When you define a variable in Java, you must tell the compiler what kind of a variable it is. That is, whether it will be expected to store an integer, a character, or some other kind of data. This information tells the compiler how much space to allocate in the memory depending on the data type of the variable. The data type of a variable, therefore, determines the type of data that can be stored in the variable and the operations that can be performed on this data.

Java is a strongly typed language. This means that every variable has a type, every expression has a type, and every type is strictly defined. It also means that all assignments, whether explicit or via parameter passing in method calls, are checked for type compatibility by the Java compiler. Any type mismatches are considered errors and need to be corrected before compilation is over.

In Java programming language, data types are mainly divided into two categories and they are as follows:

  • Primitive data types
  • Reference data types

Primitive Data Types

The Java programming language provides primitive data types to store and represent data. A primitive data type also called built-in data types, stores a single value, normally a literal of some sort, such as a number or a character.

The table below lists the primitive data types in Java.

Data Type Description Range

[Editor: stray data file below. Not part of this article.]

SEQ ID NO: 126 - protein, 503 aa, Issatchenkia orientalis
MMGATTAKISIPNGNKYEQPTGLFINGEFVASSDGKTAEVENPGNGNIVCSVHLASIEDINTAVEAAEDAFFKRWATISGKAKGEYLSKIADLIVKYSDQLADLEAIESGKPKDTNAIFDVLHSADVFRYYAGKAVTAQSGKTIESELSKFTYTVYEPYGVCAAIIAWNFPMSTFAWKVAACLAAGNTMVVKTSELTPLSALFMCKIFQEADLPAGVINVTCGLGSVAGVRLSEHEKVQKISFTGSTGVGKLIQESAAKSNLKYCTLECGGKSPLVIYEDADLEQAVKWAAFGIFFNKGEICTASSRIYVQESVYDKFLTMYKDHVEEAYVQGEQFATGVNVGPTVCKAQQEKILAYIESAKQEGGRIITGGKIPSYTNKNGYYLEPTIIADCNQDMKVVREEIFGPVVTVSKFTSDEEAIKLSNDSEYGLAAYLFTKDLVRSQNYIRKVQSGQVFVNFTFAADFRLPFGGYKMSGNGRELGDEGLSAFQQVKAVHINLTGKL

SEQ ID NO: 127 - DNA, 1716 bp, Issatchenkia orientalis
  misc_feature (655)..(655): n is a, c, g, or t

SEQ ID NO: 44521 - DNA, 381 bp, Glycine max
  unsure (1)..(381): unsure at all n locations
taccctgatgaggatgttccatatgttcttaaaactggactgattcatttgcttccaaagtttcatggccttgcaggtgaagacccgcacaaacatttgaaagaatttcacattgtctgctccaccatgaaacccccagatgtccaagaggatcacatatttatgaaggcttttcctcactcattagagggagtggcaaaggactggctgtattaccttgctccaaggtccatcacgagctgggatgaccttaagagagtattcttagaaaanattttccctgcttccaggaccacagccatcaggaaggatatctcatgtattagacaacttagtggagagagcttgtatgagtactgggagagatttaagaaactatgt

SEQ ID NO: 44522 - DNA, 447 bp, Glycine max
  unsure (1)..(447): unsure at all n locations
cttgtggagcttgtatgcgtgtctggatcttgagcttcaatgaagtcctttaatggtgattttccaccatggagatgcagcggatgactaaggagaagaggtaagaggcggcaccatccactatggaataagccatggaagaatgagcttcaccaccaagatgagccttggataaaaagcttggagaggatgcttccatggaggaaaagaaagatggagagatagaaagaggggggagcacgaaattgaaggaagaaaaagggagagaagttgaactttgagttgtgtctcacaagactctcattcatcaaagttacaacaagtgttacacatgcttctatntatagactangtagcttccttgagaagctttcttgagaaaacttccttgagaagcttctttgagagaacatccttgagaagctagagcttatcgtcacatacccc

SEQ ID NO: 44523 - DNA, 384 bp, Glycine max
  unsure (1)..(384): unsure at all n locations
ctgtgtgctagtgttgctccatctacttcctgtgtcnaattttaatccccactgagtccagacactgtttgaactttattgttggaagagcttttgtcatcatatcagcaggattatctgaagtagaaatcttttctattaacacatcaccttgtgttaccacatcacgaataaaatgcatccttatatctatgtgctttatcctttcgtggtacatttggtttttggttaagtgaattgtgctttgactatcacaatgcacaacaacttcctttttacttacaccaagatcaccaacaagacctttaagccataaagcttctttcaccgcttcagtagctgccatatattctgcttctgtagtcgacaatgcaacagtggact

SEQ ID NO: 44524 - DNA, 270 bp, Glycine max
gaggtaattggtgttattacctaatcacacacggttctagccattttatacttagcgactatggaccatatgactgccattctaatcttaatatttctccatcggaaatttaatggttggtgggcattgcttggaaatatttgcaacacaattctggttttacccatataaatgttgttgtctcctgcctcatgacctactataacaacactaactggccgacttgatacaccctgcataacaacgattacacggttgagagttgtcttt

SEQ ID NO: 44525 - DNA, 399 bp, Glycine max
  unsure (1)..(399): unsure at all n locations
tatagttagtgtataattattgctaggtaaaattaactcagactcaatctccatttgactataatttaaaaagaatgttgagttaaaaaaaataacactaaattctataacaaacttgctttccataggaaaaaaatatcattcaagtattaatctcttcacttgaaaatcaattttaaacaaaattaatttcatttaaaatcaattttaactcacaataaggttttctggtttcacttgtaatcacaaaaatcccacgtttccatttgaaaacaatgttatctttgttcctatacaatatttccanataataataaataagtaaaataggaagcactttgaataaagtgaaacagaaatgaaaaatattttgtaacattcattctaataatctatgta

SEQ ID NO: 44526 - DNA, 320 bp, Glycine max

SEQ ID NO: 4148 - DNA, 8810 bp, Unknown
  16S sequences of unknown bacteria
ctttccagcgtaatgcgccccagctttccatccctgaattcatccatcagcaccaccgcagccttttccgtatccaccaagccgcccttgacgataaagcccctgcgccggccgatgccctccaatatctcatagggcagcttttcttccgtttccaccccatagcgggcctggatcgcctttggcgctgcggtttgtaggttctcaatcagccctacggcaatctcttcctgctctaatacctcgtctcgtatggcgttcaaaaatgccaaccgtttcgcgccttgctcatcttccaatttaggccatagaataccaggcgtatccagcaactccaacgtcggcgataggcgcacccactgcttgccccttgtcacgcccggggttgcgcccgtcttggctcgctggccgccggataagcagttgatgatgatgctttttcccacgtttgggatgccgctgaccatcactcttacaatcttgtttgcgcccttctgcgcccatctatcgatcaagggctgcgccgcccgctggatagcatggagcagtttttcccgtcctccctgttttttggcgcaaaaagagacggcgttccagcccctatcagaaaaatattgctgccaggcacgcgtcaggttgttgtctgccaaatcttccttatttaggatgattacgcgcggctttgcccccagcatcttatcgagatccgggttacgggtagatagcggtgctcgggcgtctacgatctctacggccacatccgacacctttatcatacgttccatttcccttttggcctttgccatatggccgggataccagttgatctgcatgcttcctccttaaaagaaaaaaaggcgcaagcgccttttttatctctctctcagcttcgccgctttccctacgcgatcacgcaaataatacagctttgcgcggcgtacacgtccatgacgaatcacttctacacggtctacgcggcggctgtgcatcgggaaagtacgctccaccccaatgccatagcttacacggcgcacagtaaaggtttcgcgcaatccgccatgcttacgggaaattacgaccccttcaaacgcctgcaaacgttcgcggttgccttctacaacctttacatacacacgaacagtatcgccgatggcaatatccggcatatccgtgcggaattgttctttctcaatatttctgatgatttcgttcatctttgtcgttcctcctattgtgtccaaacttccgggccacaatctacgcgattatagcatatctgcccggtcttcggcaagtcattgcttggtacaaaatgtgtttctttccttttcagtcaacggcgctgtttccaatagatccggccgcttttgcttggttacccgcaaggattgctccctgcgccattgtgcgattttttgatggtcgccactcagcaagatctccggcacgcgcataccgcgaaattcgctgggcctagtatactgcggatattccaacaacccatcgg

byte 8-bit signed integer -128 to 127
short 16-bit signed integer -32768 to 32767
long 64-bit signed integer -9,223,372,036,854,775,808 to 9,223,372,036,854,775,807
int 32-bit signed integer -2,147,483,648 to 2,147,483,647
float 32-bit floating-point variable -3.40292347E+38 to +3.40292347E+38
boolean Stores a true or false value true or false
char 16-bit Unicode character 0 to 65535
double 64-bit floating-point variable -1.79769313486231570E+308 to 1.79769313486231570E+308

Variables of Primitive Data Types

Whenever a variable is declared, it is either assigned a value (if the variable has been declared and initialized on the same line) or it holds a default value (if the variable has only been declared and not initialized). More than one variable of the same data type can be declared in Java by using the comma (,) separator.

The following code demonstrates the declaration and initialization of variables in Java.

Code Snippet:

int empNumber;
float salary;
char gender = ‘M’;
double shareBalance = 456790.897;
boolean ownVehicle = false;

empNumber = 101;
salary = 6789.50f;

System.out.println(“Employee Number: “+empNumber);
System.out.println(“Salary: “+salary);
System.out.println(“Gender: “+gender);
System.out.println(“Share Balance: “+shareBalance);
System.out.println(“Owns vehicle: “+ownVehicle);

The snippet demonstrates how to declare and initialize variables in Java. Here, variables of type int, float, char, double, and boolean are declared. All float values need to have an f appended at their end. Values are assigned to each of these variables and are displayed using the println() method.

Reference Data Types

A variable of a reference data type holds the reference to the actual value or a set of values represented by the variable. The table below displays three reference data types that are available in Java.

Data Type Description
Array A collection of several items of the same data type such as names of students.
Class A collection of variables and methods. For example, class Student containing the complete details of the students and the methods that operate on the details.
Interface A type of class in Java used to implement multiple inheritance.